California drafting a workplace violence regulation
Three members of the California Occupational Safety and Health Standards Board (Board) have requested a workplace violence prevention standard for general industry for the state of California.
The latest draft, although an improvement in some ways, according to the Phylmar Regulatory Roundtable (PRR), was of significant concern because it include two new elements: a Workplace Violence Incident Log requiring specific details of every incident and post-incident response, with the name of the employee.
The previous draft required the employer to only provide access to investigative documents if there was a Workplace Violence incident that was reportable.
The latest draft requires significant expansion of access and is a great concern for employers. PRR understands another draft has been developed and is working its way through approvals and will be issued for consideration by an Advisory Committee.
Ways to protect your workforce and supply chain partners from COVID-19 risks
A comprehensive and effective workplace safety platform provides businesses the risk mitigation structure they need to maintain successful operations at all locations, according to Supply & Demand Chain Executive
As organizations attempt to re-open their workspaces, they can best address emerging risks internally and across their supply chains by implementing a contingency and mitigation action plan that uses powerful, easy-to-use digital information tools for employees and leadership. Enterprise-ready, return-to-work platforms should have a central dashboard of workflow procedures to ensure management makes timely decisions and provides employees with the confidence to return safely to work.
To reduce the possibility of costly disruptions and work stoppages across their supply chain, key personnel and health officials need to have full insight into the wellbeing of those working and visiting their facility. This requires enhanced employee health and safety training focused on the virus and its effects and provides leadership with integrated safety solutions that can be swiftly carried out when necessary.
A comprehensive and effective workplace safety platform provides businesses the risk mitigation structure they need to maintain successful operations at all locations. Organizations can leverage the use of technology, smart solutions and health and safety best practices such as:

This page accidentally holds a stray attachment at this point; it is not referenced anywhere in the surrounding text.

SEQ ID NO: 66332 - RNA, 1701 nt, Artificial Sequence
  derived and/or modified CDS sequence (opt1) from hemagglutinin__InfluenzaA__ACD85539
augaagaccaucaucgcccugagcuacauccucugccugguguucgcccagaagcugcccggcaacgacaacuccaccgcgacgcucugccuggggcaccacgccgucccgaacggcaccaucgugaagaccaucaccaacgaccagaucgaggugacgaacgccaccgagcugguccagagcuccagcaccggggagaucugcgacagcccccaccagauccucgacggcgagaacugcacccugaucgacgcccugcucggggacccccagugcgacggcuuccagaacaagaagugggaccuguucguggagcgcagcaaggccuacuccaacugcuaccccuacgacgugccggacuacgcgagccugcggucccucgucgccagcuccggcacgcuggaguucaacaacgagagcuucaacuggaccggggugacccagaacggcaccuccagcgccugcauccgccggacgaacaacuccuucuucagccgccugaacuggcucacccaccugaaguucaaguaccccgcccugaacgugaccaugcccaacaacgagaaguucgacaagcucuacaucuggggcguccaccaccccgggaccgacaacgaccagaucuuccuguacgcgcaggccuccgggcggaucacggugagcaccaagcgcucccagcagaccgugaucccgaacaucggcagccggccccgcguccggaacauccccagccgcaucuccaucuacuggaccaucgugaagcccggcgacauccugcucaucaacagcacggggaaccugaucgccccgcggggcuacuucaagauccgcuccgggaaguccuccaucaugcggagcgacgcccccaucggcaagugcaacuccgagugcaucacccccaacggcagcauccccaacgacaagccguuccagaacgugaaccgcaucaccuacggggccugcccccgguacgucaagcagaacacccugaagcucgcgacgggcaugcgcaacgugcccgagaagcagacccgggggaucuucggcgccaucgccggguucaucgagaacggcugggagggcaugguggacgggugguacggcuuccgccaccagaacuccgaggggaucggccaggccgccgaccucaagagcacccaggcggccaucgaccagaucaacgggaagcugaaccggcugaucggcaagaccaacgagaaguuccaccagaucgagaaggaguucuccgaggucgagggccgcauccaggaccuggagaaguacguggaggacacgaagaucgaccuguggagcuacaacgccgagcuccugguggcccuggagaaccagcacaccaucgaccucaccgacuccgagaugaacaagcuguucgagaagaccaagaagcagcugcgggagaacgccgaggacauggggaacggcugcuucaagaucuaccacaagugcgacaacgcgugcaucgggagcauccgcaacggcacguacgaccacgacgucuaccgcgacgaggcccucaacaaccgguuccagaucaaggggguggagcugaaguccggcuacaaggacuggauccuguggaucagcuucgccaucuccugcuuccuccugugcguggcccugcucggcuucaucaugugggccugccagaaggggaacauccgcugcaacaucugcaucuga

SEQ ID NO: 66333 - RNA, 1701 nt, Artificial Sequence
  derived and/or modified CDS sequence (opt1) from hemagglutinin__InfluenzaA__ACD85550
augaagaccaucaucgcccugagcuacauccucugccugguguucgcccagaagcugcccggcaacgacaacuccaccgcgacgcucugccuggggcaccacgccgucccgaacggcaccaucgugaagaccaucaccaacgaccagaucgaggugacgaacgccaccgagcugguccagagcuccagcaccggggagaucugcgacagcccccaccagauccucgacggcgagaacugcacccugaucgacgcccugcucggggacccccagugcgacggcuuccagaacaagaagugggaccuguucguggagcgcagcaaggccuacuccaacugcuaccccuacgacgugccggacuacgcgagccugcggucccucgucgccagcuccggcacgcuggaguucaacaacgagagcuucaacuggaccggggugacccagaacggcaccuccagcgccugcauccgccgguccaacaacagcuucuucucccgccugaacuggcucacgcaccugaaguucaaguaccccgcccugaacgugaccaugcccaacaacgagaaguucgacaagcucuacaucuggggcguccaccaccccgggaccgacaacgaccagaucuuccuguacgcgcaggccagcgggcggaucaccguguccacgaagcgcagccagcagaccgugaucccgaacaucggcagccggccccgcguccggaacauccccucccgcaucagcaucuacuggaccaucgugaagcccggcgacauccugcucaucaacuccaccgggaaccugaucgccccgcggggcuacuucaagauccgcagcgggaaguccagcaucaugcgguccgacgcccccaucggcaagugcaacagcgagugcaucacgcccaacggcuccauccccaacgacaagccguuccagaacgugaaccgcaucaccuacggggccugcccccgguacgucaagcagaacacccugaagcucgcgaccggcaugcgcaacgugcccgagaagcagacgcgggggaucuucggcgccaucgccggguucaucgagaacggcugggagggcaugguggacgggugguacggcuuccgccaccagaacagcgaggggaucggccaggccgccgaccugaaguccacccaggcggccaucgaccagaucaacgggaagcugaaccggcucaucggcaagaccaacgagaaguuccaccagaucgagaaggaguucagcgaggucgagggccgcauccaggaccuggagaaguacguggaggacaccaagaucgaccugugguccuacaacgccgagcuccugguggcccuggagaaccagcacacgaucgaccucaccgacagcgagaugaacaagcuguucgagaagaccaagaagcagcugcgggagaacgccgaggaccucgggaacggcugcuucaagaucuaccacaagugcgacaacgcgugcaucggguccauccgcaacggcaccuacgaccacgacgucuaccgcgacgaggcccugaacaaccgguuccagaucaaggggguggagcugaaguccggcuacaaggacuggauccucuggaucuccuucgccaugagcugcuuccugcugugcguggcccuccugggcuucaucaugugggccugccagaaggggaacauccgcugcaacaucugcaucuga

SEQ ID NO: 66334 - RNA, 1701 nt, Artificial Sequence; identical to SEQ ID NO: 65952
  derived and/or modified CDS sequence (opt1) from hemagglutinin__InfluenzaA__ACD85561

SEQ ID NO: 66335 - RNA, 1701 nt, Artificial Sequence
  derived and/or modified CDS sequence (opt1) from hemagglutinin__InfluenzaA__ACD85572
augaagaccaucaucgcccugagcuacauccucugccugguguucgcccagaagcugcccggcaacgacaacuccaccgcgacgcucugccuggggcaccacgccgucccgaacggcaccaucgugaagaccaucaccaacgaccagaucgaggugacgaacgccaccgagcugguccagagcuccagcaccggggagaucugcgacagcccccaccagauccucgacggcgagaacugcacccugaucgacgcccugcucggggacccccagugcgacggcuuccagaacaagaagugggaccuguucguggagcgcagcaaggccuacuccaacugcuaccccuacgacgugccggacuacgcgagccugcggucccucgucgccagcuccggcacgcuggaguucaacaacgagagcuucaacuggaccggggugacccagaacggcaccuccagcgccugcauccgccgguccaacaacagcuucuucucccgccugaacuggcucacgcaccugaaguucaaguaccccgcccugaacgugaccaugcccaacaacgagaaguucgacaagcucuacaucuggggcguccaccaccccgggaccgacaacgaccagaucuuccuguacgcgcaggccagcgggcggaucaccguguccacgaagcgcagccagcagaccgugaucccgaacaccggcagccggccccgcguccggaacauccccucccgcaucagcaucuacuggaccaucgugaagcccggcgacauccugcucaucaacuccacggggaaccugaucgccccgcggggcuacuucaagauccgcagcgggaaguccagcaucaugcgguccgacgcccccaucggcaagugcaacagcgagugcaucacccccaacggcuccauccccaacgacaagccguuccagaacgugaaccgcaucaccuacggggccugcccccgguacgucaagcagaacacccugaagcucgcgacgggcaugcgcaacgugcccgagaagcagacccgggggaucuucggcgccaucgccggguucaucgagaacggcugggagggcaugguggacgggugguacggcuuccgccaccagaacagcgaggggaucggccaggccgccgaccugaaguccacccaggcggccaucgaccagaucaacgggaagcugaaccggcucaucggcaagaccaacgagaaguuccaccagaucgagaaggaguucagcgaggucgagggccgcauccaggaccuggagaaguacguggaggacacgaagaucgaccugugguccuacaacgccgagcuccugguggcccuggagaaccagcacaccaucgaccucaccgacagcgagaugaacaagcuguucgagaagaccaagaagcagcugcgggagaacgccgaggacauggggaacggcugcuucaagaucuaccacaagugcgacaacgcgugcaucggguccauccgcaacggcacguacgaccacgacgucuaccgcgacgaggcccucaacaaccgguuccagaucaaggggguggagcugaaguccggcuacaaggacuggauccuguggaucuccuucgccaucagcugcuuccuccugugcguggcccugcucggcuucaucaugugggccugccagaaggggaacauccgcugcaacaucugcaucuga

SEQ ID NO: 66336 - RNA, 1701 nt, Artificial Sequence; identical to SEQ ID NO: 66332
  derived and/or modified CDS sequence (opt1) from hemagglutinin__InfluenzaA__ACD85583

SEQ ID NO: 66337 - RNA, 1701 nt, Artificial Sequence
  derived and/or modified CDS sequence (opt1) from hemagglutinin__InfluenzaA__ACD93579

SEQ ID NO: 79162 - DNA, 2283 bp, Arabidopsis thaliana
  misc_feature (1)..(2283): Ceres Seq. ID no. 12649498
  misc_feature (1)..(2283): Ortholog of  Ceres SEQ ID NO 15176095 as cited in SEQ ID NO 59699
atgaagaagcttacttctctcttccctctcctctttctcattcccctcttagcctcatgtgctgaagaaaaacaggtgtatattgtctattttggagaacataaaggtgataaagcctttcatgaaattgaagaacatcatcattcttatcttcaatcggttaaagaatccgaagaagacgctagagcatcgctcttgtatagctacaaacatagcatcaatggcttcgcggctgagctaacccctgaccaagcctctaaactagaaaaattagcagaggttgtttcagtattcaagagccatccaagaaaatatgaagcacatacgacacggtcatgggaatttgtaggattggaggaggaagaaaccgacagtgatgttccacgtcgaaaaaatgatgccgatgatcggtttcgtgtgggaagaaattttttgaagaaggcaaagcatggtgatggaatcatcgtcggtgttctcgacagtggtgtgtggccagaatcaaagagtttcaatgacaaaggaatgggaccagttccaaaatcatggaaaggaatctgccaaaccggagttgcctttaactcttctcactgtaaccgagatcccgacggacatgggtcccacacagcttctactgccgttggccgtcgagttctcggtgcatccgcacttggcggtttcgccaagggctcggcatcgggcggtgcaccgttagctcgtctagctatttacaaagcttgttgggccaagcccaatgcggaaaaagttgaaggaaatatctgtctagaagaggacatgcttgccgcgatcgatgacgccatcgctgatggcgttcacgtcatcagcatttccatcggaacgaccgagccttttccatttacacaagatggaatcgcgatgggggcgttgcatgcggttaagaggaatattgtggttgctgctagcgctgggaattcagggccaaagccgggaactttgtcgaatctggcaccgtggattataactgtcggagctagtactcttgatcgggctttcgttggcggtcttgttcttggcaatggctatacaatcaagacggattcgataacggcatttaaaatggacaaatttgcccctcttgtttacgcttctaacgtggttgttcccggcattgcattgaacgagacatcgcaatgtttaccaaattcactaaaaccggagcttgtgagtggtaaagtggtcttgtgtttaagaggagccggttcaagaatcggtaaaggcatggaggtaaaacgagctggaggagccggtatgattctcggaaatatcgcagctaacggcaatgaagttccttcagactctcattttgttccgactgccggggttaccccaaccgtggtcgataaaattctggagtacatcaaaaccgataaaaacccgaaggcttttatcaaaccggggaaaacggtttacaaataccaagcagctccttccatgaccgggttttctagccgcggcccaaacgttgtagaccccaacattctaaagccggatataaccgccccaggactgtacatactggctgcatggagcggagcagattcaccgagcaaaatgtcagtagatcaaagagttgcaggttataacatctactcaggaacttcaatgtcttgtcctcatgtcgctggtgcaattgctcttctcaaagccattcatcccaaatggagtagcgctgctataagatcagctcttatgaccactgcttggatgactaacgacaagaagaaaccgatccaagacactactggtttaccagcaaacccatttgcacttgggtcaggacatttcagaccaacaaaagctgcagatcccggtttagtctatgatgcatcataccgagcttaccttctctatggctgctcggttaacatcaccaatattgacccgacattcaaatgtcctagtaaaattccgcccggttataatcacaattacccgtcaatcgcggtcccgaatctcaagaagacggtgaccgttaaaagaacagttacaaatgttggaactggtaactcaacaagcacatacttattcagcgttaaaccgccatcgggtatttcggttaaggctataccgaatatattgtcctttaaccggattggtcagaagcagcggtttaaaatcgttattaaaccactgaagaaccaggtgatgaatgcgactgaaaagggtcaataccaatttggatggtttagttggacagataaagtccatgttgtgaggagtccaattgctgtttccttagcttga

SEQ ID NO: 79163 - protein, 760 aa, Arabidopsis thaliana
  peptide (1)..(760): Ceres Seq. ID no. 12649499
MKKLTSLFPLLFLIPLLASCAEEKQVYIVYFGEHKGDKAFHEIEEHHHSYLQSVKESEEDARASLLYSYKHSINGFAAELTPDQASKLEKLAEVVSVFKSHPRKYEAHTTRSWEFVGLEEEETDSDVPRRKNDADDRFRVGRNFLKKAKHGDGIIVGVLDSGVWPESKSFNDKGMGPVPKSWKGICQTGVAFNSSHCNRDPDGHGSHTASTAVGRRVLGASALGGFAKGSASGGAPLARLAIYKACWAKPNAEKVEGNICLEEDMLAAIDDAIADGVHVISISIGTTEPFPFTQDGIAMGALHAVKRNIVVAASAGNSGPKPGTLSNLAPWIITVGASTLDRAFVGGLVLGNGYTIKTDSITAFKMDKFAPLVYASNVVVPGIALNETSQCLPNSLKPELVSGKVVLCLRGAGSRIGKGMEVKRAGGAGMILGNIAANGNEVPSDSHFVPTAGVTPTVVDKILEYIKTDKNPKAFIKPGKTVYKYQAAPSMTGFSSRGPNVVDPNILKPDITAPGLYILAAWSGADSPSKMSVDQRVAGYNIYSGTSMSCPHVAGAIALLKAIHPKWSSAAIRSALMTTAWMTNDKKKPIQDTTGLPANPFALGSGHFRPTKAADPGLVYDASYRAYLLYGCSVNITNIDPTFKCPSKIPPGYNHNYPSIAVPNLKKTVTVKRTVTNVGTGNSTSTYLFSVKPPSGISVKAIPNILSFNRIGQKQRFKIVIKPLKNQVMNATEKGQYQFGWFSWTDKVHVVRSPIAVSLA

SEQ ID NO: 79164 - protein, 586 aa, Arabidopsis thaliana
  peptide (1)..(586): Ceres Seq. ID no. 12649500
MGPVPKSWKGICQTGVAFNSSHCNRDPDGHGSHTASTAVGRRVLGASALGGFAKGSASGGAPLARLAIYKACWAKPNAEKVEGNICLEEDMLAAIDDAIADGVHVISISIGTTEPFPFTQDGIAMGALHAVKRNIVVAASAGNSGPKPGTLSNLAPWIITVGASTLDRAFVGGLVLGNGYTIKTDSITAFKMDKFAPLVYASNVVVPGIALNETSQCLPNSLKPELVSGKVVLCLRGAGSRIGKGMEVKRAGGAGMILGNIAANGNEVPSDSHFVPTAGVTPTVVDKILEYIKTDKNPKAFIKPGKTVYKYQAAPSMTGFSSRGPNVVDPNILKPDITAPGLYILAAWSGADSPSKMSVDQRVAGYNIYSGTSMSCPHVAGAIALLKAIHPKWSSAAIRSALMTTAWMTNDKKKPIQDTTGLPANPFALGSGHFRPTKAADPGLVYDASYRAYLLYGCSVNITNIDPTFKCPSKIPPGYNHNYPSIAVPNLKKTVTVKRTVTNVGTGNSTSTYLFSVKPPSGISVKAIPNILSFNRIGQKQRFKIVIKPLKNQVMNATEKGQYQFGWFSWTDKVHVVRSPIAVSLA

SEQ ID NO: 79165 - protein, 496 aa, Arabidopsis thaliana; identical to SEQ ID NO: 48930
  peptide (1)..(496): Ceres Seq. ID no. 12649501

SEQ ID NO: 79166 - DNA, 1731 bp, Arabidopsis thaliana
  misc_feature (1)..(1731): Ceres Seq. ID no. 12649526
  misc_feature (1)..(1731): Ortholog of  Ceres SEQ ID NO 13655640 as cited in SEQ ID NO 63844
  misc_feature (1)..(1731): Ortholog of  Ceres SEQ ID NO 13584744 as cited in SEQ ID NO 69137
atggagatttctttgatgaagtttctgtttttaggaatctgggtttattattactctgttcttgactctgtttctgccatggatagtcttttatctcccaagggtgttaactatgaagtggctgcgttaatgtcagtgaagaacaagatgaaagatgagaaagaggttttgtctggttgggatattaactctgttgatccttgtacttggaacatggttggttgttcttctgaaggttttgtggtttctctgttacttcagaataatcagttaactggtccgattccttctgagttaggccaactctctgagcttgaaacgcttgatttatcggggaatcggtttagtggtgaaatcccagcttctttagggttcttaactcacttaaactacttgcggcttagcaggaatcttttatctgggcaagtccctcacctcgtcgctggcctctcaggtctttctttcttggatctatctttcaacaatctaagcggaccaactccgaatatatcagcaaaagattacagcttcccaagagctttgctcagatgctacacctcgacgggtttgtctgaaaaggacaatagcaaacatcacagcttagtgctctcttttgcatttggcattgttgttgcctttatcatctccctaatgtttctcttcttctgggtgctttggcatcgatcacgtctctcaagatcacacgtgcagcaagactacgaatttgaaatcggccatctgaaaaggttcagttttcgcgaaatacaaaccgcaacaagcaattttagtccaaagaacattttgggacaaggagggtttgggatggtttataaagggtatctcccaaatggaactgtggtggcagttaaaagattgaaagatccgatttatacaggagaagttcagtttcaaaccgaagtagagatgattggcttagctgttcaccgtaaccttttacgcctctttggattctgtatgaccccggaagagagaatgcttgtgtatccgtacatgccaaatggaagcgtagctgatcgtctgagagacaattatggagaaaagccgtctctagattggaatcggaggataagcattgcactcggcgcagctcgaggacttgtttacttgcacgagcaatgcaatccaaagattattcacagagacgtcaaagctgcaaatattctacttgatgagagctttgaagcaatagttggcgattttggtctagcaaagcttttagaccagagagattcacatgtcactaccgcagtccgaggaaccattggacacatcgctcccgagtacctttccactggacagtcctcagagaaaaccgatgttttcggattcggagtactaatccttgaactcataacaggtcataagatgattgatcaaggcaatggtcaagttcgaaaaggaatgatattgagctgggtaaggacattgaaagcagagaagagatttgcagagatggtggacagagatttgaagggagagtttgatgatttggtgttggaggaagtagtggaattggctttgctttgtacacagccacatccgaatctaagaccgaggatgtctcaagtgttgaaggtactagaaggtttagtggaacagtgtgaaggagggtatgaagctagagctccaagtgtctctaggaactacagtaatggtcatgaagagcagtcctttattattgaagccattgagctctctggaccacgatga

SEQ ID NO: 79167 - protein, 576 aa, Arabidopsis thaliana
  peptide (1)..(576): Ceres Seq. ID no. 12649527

- Using a mobile app, employees can fill out a CDC questionnaire about their symptoms and self-report their temperature. If the questionnaire spots an issue, the employee will be instructed to stay home and set up a medical appointment, while an HR administrator is immediately notified.
- One of the most telling indicators of COVID-19 is fever. Adopting a no contact thermal temperature scanner keeps employees safe and facilities operational. Employees will be issued a QR code to activate a thermal temperature scan to gain access into the facility. These scanners can detect symptoms and ensure employees, vendors and other visitors are complying with mask requirements before being allowed to enter.
- Distance monitoring and contact tracing enables leadership to detect potential and existing risks more effectively and quickly reduces the likelihood of exposing other employees. Wearable devices continually track employees’ movements, recording the distance and duration of interactions and alert individuals in real-time when they are at increased risk. If an employee does test positive, having a contact tracing solution in place takes the guesswork out of which areas were contaminated and who the employees may have interacted with. This ensures exposed personnel are contacted in a timely manner and sanitation protocols are properly performed.
- Using a dashboard can help leaders seamlessly track pandemic-related activity across the facility, quickly review temperature checks and CDC questionnaire results, all while keeping data private and secure.
The system can analyze the data and issue notifications (text and email) based on information gathered, which is crucial for identifying outbreaks and notifying health officials of a potential hotspot.
Additionally, organizations can ensure social distancing measures and local occupancy regulations are being followed. With this insight, organizations can address staffing levels and improve their efforts to promote workplace safety by installing physical barriers, creating new pathways, scheduling staggered shifts and breaks and extending work hours (if needed).
States become worker safety watchdogs as pandemic worsens
States are increasingly bypassing the federal government and imposing their own rules to protect workers from the coronavirus, creating a patchwork of regulations that could serve as a blueprint for new national standards promised by President-elect Joe Biden., according to Politico.
In all, 14 states have instituted their own comprehensive restrictions as the federal worker safety watchdog, OSHA, has come under fire for its lax enforcement during a pandemic that has turned America’s most mundane jobs into dangerous, frontline deployments.
Experts say Biden could borrow heavily from the states that have crafted their own policies, and the most stringent local requirements could give the new administration a baseline for those standards. But negotiating with industry groups could take months, and labor leaders say any delay will only result in more cases and, in turn, more deaths.
“If a national standard isn’t feasible or isn’t well-written, it could be worse than the presently evolving patchwork,” said Rob Moutrie, policy advocate and workplace safety lead for the California Chamber of Commerce.